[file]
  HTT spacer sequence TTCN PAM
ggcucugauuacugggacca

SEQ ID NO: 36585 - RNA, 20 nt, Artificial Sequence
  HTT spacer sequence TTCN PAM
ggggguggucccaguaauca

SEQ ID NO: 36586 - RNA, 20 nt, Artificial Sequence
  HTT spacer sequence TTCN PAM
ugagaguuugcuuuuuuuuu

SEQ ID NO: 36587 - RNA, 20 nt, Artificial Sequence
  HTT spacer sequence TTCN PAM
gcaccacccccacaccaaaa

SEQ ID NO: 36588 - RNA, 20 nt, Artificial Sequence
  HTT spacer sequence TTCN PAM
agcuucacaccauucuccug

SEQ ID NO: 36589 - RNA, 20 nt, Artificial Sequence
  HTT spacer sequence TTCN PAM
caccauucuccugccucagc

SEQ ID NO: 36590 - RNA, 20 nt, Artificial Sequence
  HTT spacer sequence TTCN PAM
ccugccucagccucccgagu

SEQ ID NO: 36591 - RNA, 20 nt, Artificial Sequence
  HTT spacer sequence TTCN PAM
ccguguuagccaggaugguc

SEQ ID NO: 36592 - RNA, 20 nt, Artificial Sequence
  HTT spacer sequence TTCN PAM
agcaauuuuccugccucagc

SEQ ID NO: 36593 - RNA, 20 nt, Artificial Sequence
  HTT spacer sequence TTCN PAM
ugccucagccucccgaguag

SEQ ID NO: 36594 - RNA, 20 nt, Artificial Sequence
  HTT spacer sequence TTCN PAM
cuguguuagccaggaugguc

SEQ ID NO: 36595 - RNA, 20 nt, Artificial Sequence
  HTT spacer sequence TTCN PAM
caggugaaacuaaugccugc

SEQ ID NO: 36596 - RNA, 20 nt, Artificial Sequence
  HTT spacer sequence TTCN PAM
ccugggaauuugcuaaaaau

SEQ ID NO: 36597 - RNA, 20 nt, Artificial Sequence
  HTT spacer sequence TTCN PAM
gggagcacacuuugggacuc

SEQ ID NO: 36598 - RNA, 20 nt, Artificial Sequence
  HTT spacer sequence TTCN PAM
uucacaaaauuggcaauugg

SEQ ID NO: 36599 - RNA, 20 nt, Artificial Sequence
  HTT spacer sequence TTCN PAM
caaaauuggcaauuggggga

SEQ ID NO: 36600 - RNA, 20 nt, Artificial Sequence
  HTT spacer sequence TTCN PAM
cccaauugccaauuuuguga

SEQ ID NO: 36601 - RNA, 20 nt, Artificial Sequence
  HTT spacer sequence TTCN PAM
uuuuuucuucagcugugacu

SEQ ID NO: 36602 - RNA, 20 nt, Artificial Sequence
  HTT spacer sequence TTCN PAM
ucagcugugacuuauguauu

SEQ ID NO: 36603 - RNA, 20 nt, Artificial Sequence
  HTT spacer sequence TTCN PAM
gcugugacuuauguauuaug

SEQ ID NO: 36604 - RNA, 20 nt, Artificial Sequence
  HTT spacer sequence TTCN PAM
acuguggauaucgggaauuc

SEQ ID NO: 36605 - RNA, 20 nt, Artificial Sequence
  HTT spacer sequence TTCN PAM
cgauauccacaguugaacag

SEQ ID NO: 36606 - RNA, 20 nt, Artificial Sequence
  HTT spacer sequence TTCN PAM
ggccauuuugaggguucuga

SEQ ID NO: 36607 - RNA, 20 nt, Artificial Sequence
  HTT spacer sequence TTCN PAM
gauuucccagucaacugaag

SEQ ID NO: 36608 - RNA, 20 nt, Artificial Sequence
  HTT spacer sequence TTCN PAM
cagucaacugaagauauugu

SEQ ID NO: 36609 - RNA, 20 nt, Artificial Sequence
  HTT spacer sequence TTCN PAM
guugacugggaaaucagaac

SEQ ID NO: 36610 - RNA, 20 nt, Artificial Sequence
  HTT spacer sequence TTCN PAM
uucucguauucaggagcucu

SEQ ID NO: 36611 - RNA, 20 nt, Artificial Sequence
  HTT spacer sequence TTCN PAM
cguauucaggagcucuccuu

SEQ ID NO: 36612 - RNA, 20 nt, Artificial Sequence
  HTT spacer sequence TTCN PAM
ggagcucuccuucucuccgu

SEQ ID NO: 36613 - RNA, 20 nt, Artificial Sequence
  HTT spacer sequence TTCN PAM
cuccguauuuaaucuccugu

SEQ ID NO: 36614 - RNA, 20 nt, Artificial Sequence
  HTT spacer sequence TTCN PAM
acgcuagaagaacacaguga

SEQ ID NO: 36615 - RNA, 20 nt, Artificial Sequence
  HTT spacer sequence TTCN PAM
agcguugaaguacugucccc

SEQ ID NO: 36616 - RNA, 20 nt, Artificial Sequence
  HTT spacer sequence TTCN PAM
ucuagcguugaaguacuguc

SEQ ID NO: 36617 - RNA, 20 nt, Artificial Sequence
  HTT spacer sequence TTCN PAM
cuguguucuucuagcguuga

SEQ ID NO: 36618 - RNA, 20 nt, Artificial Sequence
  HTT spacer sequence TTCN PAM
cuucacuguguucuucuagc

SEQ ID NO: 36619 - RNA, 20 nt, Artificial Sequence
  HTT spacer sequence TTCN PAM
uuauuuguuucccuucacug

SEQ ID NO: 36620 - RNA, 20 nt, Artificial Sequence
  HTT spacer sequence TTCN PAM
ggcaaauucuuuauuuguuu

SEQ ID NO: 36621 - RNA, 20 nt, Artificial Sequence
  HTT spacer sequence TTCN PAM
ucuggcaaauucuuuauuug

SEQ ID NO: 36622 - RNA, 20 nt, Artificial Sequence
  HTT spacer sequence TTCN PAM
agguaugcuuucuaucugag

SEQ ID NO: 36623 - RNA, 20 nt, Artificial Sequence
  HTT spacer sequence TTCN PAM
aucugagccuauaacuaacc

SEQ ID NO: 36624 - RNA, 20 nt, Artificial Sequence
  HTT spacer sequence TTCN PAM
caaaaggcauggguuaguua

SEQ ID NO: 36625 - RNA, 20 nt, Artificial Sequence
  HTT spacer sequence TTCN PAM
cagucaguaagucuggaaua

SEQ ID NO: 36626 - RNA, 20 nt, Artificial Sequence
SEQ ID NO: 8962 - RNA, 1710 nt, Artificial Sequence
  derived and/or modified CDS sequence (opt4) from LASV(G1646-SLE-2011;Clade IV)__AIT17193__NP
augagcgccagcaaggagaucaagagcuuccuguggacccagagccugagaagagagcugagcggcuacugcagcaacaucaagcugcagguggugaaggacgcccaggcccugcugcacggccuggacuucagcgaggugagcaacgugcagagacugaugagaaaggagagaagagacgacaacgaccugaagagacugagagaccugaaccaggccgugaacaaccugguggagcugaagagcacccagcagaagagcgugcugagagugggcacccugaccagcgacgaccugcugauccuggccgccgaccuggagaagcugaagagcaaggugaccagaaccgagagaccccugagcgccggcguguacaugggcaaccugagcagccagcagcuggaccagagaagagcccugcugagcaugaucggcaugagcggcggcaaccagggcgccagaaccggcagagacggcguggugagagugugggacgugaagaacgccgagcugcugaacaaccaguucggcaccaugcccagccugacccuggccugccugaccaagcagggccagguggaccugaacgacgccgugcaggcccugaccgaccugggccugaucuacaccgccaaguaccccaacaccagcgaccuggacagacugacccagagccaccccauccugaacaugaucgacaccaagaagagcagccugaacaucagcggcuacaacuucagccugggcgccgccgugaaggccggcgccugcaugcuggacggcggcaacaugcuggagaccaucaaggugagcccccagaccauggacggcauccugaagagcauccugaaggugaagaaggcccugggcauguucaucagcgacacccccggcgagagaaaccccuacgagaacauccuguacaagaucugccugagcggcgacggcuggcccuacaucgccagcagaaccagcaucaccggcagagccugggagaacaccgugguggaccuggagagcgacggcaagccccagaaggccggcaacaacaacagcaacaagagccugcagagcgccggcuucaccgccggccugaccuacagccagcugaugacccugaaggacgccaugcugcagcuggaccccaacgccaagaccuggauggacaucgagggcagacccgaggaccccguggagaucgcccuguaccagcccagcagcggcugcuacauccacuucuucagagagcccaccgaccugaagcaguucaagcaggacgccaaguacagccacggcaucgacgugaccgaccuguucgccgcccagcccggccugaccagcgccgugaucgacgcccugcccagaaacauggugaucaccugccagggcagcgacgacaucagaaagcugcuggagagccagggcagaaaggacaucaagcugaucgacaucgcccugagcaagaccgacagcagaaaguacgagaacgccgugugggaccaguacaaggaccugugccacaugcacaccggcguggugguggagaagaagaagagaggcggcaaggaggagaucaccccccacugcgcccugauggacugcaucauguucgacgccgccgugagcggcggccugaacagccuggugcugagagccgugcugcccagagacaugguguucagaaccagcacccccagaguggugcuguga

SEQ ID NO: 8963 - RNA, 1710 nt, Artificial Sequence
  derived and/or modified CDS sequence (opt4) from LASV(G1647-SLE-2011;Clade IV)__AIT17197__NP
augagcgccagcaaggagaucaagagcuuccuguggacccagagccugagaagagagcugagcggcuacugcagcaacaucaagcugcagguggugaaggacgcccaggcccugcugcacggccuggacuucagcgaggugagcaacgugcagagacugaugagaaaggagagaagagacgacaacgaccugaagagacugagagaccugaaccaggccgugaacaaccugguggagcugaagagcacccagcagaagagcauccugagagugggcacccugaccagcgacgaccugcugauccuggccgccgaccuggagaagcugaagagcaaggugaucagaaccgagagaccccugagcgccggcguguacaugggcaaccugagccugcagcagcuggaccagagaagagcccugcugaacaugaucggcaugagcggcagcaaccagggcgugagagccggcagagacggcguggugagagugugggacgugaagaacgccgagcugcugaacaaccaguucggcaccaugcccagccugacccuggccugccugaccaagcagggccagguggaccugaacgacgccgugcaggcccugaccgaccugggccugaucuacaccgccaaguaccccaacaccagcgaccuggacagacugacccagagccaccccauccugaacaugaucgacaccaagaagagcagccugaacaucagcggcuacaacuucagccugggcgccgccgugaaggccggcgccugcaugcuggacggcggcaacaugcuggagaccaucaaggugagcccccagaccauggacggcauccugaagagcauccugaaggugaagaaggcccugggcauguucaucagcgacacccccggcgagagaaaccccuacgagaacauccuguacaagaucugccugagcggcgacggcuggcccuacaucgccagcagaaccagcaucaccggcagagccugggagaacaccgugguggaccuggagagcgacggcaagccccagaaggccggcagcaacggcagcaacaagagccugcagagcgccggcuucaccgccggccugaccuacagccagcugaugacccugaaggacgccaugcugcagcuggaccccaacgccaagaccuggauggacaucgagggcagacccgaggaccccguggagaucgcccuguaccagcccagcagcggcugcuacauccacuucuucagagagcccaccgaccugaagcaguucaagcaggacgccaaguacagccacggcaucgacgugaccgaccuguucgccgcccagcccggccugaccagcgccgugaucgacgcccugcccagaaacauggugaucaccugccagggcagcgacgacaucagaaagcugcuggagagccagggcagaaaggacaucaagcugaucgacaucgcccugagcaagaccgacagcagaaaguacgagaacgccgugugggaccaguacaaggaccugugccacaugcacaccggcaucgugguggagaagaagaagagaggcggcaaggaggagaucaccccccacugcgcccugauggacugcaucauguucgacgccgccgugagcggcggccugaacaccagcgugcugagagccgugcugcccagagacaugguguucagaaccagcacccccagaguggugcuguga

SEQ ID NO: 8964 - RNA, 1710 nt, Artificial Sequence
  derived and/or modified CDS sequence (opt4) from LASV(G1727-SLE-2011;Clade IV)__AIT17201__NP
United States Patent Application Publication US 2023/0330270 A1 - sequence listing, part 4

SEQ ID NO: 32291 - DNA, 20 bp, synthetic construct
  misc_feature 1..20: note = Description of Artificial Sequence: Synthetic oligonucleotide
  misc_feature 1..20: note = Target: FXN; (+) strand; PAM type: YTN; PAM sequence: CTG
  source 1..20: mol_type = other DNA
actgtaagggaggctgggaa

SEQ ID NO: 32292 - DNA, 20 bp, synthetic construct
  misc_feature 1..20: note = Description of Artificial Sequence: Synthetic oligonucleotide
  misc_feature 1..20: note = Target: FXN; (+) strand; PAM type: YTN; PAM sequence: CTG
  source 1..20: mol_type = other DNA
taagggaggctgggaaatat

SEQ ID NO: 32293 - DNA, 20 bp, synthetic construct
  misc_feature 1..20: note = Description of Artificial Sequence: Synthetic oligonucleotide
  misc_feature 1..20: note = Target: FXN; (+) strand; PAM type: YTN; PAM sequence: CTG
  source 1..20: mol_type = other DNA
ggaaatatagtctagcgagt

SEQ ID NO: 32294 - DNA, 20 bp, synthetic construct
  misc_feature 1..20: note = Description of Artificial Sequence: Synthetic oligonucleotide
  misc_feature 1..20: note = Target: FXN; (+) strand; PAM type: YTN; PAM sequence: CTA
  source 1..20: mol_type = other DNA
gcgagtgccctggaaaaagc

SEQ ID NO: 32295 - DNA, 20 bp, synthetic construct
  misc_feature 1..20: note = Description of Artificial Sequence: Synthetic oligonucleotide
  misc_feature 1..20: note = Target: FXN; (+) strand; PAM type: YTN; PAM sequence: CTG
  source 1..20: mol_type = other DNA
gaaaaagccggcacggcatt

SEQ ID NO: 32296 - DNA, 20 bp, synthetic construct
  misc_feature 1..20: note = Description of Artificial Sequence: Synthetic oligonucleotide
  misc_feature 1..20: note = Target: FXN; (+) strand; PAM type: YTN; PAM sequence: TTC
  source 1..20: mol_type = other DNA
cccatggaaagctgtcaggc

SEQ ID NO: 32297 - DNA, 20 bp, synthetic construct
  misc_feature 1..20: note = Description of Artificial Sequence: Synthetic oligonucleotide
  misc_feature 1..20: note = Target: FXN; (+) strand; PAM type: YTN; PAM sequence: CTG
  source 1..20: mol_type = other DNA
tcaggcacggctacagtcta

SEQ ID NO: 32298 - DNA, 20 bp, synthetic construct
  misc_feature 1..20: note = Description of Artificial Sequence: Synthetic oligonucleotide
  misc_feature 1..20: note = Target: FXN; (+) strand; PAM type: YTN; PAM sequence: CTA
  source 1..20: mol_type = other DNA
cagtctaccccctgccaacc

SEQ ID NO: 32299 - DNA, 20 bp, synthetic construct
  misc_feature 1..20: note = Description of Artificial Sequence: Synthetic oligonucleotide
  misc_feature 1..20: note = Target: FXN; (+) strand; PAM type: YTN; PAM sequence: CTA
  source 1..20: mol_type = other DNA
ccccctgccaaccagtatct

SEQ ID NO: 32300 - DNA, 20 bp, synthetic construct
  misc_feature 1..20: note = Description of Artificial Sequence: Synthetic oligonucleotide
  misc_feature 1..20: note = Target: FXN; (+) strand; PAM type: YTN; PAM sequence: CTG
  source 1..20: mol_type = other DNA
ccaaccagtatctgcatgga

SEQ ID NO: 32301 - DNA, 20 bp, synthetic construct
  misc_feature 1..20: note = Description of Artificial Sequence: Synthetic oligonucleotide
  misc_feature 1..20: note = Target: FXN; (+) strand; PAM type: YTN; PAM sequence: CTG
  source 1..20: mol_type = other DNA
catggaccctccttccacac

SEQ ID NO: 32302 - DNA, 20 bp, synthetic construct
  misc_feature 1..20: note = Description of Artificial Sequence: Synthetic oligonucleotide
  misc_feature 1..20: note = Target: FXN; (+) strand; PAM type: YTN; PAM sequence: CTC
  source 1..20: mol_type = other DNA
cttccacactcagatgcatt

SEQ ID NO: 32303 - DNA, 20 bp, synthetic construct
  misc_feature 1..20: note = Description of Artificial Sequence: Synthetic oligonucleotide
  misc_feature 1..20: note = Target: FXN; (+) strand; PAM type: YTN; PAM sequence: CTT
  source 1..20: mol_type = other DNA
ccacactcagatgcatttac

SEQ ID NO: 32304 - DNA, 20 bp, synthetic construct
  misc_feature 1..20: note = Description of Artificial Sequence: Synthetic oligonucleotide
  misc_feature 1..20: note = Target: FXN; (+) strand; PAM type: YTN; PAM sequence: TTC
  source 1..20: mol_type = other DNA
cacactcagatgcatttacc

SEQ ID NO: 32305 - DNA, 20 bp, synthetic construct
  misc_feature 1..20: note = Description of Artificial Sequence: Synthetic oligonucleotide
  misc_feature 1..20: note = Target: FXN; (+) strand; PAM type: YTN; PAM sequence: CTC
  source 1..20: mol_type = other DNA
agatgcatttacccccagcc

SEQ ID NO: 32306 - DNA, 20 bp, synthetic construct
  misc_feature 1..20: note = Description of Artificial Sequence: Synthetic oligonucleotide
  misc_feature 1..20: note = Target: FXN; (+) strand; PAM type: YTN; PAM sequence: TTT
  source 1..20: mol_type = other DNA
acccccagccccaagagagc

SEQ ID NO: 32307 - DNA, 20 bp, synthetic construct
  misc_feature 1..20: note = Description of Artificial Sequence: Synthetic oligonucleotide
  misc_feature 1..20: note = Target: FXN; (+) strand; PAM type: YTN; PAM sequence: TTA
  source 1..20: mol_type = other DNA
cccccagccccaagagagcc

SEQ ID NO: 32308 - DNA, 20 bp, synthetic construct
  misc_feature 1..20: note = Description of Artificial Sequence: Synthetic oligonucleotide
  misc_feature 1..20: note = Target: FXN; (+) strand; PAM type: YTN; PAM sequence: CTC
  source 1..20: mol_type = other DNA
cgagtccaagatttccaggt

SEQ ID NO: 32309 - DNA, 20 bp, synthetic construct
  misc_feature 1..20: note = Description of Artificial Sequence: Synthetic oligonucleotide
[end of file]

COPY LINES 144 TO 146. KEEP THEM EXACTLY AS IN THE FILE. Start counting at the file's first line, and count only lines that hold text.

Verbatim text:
  source 1..20: mol_type = other DNA
taagggaggctgggaaatat

SEQ ID NO: 32293 - DNA, 20 bp, synthetic construct